How does the World Cup affect markets?

History suggests the next year should be positive for host Brazil's market, but trading volumes will likely drop as investors turn into fans.

The 2014 World Cup has kicked off with much fanfare as the host nation Brazil took out the first match of the tournament with a 3-1 win over Croatia.

It’s a marketer’s dream; 30 days of high intensity advertising -- FIFA itself estimates the 2014 tournament will break the record for the most watched event in history and will surpass the 2010 tournament viewers (approx. 3.2 billion).

With so many eyeballs glued to the TV screen, rather than markets, what happens to trading? Does the local market see a return on the investment made to host the event? Does the currency see upside as football fans pile into the country? And what happens in the aftermath?

I’ll start by examining what happened to local markets before, after and during previous World Cups.

1998 - France

France became the first host nation to win the World Cup since West Germany in 1974; it was also the country’s first and only World Cup win, beating Brazil 3-0. However, trading on the CAC during this period was flat, with an increase of just 1.13 per cent.

During the event, volumes were consistently below the 30-day moving average. Interestingly, the CAC saw lower and lower volumes as the tournament dragged on, likely due to the fact that France was winning and therefore more local investors were watching the national team rather than their positions. However, after the event the CAC added 8.5 per cent.

2002 – Japan and South Korea

Brazil took the Cup home in 2002, beating Germany 2-0 in the final. It’s worth noting this was the first World Cup to be held in Asia.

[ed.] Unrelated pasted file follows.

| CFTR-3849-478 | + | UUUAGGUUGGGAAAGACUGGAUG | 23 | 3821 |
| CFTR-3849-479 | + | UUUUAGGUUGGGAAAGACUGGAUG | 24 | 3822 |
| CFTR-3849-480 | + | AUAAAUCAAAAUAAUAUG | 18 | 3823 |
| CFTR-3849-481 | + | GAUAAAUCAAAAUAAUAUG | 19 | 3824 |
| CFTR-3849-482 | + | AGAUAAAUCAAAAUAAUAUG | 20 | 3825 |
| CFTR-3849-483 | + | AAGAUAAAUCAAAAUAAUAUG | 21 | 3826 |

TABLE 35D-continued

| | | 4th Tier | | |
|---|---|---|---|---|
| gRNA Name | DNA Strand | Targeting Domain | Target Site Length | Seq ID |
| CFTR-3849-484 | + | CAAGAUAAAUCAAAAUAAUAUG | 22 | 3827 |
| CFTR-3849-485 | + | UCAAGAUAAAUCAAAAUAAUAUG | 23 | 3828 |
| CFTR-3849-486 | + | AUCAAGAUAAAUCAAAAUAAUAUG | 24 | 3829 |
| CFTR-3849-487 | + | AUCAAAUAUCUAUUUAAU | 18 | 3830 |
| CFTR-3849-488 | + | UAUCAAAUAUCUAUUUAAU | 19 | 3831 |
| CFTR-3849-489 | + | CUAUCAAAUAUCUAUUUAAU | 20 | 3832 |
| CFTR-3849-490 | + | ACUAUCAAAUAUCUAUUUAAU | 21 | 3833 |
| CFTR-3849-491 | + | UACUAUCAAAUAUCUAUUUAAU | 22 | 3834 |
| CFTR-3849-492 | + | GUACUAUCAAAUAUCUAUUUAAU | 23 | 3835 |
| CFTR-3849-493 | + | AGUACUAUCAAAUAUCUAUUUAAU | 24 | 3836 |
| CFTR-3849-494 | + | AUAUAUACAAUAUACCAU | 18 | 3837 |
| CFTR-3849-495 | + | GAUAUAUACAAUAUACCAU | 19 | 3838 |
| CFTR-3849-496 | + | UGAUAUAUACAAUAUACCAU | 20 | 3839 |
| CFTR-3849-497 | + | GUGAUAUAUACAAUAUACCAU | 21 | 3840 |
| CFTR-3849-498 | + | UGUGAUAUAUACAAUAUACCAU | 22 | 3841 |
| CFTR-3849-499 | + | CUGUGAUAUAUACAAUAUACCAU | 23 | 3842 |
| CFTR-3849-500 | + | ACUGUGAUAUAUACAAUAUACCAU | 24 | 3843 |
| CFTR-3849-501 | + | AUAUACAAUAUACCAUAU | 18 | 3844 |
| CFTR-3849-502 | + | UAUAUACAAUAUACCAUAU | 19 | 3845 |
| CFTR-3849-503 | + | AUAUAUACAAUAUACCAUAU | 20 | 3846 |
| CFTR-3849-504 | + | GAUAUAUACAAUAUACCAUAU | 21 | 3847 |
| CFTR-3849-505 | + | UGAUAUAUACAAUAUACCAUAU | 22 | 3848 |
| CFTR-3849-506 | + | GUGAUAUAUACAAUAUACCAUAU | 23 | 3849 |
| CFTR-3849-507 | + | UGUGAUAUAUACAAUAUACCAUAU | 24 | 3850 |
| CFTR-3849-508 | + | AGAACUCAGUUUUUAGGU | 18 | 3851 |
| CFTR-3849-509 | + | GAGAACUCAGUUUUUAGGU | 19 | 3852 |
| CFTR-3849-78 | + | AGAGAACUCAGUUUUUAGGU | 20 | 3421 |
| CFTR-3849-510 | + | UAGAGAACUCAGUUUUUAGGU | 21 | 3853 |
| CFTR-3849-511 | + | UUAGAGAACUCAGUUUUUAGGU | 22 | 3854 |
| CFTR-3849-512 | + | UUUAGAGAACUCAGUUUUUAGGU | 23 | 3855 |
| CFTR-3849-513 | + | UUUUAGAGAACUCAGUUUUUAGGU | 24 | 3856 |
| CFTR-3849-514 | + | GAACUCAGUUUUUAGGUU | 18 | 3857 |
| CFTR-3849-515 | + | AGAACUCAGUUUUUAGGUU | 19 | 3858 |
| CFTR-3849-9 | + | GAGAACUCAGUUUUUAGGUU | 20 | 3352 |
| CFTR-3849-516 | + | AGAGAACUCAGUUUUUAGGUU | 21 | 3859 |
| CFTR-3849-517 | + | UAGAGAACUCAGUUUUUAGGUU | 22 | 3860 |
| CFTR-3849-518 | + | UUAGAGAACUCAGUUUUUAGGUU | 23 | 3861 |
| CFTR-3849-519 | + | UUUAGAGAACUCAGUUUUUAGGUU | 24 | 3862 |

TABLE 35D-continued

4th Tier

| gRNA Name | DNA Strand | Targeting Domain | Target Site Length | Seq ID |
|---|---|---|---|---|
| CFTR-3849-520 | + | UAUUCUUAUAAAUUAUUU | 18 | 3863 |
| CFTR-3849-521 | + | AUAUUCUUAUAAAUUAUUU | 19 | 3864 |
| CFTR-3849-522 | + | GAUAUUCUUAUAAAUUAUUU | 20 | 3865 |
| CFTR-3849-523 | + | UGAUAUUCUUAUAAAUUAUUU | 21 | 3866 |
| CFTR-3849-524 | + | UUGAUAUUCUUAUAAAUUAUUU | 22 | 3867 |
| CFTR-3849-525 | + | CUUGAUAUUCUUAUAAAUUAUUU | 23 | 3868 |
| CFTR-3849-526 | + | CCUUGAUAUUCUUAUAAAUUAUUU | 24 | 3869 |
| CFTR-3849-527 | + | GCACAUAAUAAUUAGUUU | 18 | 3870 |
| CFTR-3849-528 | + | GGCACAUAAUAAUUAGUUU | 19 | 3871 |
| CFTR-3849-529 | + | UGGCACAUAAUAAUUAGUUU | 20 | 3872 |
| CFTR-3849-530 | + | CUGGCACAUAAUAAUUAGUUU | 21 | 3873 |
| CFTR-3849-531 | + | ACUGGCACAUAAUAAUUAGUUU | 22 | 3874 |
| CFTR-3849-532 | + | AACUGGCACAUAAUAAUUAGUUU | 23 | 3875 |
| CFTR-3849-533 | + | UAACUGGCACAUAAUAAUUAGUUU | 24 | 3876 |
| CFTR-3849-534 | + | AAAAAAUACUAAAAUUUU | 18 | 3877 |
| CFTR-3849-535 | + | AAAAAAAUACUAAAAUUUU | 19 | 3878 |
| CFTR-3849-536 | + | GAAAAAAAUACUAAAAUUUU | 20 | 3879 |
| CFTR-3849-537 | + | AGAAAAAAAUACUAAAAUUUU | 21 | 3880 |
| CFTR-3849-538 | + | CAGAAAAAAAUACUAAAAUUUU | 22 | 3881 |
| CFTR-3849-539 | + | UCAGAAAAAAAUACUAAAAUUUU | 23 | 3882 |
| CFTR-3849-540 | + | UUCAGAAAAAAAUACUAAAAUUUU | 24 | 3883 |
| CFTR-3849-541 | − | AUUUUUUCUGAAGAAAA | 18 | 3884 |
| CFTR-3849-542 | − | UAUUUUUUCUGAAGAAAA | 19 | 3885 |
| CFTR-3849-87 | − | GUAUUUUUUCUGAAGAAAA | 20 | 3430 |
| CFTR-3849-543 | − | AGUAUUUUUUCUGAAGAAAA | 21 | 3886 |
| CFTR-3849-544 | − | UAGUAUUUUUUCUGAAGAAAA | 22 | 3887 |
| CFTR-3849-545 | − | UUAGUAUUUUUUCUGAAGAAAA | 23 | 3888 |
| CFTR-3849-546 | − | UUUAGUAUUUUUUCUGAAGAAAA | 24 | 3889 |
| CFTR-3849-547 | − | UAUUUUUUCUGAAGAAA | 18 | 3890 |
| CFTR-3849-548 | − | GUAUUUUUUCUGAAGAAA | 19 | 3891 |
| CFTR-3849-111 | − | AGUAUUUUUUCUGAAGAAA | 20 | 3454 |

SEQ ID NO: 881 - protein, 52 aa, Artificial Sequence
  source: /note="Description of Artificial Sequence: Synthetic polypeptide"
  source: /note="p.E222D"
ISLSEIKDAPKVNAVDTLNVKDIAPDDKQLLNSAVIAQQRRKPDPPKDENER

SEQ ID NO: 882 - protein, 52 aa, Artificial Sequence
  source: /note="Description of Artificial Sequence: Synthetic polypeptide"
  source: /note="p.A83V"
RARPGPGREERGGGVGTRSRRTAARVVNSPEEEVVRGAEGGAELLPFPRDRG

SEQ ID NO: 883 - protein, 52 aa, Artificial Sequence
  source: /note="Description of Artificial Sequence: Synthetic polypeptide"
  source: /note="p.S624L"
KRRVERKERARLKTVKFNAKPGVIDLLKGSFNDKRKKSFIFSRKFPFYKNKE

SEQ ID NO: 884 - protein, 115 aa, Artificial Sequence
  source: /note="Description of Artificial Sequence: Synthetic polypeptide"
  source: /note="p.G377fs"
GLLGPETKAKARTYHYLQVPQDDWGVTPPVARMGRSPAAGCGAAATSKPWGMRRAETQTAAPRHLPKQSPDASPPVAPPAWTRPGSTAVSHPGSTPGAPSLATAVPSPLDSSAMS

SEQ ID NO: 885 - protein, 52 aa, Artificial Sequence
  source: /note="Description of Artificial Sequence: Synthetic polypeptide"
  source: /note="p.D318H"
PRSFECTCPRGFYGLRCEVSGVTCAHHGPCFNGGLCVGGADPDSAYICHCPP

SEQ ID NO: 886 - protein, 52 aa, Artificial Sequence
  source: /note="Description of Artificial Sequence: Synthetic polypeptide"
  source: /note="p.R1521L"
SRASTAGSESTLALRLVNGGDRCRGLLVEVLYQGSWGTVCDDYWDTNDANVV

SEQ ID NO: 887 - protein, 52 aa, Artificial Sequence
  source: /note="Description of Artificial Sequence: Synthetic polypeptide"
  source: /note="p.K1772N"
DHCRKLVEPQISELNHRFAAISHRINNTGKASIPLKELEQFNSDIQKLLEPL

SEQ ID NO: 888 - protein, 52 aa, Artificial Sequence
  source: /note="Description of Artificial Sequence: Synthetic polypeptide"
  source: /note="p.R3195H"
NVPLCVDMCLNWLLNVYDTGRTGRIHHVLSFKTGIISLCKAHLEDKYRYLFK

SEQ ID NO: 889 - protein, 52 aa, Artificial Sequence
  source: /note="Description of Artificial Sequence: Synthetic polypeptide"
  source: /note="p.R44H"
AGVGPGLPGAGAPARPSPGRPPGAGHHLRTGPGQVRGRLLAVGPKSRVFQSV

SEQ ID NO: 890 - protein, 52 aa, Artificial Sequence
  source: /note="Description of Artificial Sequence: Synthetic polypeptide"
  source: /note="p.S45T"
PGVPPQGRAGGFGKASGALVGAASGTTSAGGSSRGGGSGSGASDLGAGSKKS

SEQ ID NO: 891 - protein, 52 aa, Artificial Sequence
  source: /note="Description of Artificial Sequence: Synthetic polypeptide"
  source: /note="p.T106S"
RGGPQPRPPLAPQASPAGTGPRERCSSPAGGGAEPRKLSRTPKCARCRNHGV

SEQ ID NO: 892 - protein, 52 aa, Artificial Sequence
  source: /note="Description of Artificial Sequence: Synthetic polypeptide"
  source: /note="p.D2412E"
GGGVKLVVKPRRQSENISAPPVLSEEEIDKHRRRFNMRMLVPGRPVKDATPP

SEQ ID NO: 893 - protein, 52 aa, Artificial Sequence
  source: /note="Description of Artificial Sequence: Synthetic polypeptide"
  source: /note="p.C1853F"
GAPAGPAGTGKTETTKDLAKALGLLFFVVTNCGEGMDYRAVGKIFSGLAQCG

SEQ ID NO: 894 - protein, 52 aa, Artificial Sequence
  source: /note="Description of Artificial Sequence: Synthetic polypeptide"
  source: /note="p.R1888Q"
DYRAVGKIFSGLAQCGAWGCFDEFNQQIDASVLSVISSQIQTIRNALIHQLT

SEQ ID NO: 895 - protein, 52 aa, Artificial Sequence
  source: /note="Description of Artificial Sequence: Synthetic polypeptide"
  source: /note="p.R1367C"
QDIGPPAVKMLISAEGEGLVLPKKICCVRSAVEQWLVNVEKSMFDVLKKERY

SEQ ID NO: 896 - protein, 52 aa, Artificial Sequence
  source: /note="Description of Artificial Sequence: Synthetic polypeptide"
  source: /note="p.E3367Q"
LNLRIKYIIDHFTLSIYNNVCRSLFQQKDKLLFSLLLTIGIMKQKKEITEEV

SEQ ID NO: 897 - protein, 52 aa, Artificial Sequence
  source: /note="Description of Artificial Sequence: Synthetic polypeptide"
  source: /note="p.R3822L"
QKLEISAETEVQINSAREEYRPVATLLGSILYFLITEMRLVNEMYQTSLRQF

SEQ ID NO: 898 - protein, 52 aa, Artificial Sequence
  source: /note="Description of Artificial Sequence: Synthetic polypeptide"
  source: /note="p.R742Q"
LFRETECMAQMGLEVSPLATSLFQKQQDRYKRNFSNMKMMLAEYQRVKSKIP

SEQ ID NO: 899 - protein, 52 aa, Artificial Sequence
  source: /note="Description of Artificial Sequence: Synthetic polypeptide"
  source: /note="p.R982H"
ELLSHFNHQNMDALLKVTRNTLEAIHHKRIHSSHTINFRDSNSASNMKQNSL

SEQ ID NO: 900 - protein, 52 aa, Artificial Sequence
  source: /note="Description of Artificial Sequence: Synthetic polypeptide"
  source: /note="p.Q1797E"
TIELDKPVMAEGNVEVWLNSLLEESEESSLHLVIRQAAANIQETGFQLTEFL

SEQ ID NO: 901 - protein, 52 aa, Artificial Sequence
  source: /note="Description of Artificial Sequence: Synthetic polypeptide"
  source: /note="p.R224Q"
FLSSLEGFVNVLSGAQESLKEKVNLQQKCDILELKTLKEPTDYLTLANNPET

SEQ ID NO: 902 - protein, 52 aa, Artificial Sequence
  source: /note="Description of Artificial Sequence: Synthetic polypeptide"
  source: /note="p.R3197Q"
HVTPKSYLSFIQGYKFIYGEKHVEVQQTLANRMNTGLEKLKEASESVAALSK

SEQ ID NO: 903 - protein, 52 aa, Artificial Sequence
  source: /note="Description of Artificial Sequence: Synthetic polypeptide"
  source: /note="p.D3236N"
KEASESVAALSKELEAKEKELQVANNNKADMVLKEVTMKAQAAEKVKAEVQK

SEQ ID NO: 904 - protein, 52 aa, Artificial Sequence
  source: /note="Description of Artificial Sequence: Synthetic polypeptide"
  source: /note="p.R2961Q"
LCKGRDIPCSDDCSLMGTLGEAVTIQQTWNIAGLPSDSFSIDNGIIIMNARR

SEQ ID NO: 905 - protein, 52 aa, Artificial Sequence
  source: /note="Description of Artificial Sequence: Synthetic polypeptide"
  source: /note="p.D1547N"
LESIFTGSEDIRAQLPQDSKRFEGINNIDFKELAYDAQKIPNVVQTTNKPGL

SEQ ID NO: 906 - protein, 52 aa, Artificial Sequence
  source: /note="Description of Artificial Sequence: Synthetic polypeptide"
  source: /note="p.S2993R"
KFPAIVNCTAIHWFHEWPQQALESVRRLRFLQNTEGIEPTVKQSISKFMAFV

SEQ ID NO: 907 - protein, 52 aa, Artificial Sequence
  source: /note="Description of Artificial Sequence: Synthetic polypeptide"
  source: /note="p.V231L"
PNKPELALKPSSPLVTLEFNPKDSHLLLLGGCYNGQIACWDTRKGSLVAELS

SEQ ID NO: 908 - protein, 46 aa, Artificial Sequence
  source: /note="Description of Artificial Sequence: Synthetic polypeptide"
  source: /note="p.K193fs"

The Nikkei actually experienced quite a negative effect from the Cup. The index lost over 9.9 per cent during the tournament itself and fell a further 14.3 per cent from the end of the event until June 30 in 2003.

Tourism was actually weaker-than-expected according to estimates, as Asian tourists actually held off traveling to Japan during the event. The currency saw strength over the hosting month, adding five yen (up 3.6 per cent) to ¥119; a level the BoJ and the Abe government would love to see again.

The constant for the Nikkei were the volumes during the Cup month, which were consistently below the 30-day moving average and didn’t return until after the June 30.

2006 - Germany

The 2006 final saw the infamous nil-all draw between France and Italy, with a 10-man France holding on, only to go down to Italy on penalties. The tournament was held from June 9 till July 9, well before anyone had heard of the term 'GFC', when PIIGS were a favourite German meat source, not countries in crisis.

The DAX benefited from the Cup from the get-go, adding 4 per cent over the month. Tourism boomed, and estimates put the number of fans in the range of half a million. The EUR saw a two cent rise over the month and continued to rise after the event. However, like France and Japan, volumes in the markets were well below the 30-day average, showing that not only were fans physically turning up, but they were also glued to the TV.

In the 12 months after the event, the DAX added 36.2 per cent.

2010 – South Africa

The 2010 World Cup saw Spain win its first final and the Netherlands remain as the figurative bridesmaid; finishing second for a third time. The event was staged from June 11 to July 11 and over that time the JSE Top 40 lost 1.1 per cent and saw volumes well below the 30-day moving average. This was mirrored by the S&P and most European markets which all saw volumes well below their respective 30-day averages and flat trade.

The ZAR saw solid support over the event as South African Tourism estimated over 309,000 tourists from around the world attended the event. The currency then fell in the following month.

What is also interesting is that the local market saw a 15.1 per cent rise in the 12 months after the event. This was despite the fact that the globe was still trying to fight off the effects of the GFC.

2014 – Brazil

So what can we expected from Brazil? Well if the first day of trade is anything to go by it could be positive, despite the very public issues facing organisers as strikes and hold ups hit the tournament.

Overnight the Ibovespa added 0.91 per cent. History suggests that the 12 months after the event should be positive for the market, but it also shows that trading volumes will likely be low during the event as investors turn into fans.